A while back my friend Larry Behrendt, who writes about Jews and Christians and Jewishness and Christian-ish-ness, and I decided to have a bit of virtual Jewish-Christian dialogue on the topic of "problem texts" in sacred scripture. As I understand this conversation, we'll be writing about our own (Larry's and mine) problems with a few passages in "S/scripture" (variously defined) and possible postures toward such texts. My hope is that I will understand Larry's posture a bit better in the process and (hopefully) improve my own posture as well.
See the first part in this series here. I will offer a response post in a few days here on The Jesus Blog.
First a few words about Jewish-Christian dialogue. I've learned a little bit about this dialectic over the past ten years. I don't expect that these are points that are common to all Jewish-Christian dialogue nor do I offer these points as "rules for the road" for anyone else. But here they are:
1) Self-disclosure is necessary. I am a Christian. This self-designation has various components, but one of the components is this: I don't self-identity as Jewish. In short, I acknowledge that my religious commitments and traditional postures are different in many ways from those who self-identify as Jewish.*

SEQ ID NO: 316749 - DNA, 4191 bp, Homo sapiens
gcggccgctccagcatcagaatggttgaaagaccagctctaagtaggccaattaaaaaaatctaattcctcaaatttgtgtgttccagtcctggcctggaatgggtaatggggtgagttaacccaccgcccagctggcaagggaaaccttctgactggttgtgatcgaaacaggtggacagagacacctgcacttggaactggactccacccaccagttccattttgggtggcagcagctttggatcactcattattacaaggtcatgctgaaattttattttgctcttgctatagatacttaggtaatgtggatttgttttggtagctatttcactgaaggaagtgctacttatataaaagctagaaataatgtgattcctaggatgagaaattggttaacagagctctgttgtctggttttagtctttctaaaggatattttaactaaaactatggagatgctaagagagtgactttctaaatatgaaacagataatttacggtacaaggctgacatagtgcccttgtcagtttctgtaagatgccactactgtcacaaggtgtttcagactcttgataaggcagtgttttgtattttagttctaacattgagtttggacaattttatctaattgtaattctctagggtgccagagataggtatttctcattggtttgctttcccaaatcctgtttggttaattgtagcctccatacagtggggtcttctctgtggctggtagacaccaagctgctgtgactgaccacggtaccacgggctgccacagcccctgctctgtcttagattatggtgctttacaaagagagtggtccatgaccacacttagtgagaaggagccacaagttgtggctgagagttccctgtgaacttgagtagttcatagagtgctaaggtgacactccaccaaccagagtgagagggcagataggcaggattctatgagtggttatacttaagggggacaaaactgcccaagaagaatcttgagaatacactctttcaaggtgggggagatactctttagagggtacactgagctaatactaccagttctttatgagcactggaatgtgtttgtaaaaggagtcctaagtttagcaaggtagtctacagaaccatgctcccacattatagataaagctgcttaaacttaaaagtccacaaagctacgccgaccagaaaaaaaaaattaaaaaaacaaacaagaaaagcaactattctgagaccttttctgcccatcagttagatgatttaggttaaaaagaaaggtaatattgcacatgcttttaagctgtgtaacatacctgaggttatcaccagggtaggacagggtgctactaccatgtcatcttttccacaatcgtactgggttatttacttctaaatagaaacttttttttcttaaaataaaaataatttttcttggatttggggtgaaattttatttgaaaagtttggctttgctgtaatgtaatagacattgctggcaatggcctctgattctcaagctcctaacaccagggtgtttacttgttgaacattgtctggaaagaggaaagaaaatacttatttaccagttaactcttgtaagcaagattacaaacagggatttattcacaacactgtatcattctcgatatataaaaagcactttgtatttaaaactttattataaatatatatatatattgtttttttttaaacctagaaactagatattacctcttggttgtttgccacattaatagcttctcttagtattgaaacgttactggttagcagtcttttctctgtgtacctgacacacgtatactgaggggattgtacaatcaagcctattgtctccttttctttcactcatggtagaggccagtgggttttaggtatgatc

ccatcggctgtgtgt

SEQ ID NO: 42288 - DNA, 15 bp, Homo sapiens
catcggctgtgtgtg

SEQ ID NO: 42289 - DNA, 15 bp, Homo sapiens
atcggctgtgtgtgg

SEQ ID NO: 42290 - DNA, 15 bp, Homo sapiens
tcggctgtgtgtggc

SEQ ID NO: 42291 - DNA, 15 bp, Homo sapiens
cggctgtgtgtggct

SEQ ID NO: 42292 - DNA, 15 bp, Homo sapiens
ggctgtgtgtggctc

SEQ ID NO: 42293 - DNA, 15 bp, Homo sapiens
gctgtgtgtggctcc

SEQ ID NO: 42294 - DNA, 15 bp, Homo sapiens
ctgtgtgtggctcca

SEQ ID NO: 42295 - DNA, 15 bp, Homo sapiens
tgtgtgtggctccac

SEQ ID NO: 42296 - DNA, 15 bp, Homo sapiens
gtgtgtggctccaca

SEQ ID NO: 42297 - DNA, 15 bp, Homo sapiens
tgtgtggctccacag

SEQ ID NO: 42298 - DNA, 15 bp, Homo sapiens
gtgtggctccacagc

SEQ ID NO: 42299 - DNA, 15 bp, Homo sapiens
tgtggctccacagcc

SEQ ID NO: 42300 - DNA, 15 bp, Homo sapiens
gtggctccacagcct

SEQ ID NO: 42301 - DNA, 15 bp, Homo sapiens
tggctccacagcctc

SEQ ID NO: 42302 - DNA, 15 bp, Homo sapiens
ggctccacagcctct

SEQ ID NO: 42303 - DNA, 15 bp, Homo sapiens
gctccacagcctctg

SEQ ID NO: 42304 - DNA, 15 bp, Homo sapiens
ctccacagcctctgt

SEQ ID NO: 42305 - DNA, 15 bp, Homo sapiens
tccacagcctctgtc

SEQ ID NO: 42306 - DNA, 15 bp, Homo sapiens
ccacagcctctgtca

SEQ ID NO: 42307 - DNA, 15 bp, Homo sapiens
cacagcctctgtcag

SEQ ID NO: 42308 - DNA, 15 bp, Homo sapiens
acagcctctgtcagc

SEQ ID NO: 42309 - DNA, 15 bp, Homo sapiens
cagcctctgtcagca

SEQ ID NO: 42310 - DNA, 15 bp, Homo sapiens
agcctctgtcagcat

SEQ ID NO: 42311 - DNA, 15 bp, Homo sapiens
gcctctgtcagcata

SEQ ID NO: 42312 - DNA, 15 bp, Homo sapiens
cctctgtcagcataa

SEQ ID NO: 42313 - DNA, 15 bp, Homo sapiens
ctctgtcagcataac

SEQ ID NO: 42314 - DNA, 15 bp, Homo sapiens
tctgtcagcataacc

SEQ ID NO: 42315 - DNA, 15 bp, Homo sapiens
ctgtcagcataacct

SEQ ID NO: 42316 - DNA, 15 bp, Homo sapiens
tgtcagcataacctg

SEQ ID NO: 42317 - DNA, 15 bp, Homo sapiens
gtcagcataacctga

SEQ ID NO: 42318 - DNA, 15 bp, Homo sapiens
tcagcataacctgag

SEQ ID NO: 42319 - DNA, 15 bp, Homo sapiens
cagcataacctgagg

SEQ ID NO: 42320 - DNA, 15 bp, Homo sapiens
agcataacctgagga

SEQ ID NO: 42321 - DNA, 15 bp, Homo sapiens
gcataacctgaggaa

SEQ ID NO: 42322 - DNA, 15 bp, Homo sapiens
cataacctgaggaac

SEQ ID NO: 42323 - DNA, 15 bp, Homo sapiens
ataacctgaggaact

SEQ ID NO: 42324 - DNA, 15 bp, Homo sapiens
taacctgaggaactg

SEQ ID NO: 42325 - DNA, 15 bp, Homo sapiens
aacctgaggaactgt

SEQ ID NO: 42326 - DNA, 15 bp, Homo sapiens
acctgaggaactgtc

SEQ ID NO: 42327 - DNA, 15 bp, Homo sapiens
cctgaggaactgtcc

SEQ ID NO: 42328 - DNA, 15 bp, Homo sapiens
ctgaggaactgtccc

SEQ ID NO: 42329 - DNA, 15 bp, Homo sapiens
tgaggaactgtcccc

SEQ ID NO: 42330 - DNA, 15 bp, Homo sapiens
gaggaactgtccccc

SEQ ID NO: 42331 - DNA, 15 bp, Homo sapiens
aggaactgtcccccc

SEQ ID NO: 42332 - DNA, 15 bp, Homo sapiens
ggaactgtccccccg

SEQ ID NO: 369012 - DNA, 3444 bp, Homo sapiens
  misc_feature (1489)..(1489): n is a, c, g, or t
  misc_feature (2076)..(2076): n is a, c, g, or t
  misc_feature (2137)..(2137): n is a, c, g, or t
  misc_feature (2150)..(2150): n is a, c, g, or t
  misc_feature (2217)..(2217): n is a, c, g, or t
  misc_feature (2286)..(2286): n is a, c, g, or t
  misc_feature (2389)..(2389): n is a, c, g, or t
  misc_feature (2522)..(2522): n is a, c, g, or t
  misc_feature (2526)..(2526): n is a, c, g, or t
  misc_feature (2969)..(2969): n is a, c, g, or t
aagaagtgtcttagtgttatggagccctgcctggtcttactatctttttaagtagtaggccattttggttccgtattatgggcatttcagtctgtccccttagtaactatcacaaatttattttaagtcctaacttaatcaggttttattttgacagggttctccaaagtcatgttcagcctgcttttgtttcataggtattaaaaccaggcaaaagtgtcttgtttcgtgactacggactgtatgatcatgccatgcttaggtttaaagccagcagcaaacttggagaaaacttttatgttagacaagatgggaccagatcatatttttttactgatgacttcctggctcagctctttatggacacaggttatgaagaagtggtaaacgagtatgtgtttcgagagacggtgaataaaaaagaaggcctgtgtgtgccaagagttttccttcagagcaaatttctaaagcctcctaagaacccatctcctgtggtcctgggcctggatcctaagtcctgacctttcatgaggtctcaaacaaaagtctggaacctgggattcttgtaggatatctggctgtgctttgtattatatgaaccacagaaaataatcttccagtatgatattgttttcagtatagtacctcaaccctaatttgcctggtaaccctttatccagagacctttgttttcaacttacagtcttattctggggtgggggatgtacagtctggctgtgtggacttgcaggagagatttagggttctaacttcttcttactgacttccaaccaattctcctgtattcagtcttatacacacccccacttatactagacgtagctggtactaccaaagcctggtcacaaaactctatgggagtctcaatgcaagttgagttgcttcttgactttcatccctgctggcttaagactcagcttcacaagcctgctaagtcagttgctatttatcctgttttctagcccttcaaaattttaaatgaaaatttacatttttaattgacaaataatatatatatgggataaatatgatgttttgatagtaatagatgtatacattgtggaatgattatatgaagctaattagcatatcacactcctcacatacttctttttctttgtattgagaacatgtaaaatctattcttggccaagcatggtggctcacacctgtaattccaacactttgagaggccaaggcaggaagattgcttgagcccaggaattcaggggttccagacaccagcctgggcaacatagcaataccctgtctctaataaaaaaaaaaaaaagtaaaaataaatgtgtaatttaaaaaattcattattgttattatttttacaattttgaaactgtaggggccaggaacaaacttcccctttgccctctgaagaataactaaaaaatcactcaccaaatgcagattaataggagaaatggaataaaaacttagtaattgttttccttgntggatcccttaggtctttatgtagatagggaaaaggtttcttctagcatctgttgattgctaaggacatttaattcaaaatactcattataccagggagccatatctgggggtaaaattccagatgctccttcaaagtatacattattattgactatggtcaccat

2) I tend to understand myself and my people better when I understand an outsider's view better.
3) With points both 1 and 2 in mind, it is often necessary to emphasize the crucial differences between Christianity and Judaism in dialogue (what Larry would call "asymmetries"). This does not mean that we won't find some analogues too. Jews and Christians have a great deal in common. But to play up our commonalities at the expense of our asymmetries is not helpful inter-religious dialogue.
I've learned many other things as well, but these will suffice for now. I hope that our dialogue promotes the well-being of both Jews and Christians.
*If you'd like to chime in on our comments, it might be helpful if you self-identify too. Up to you.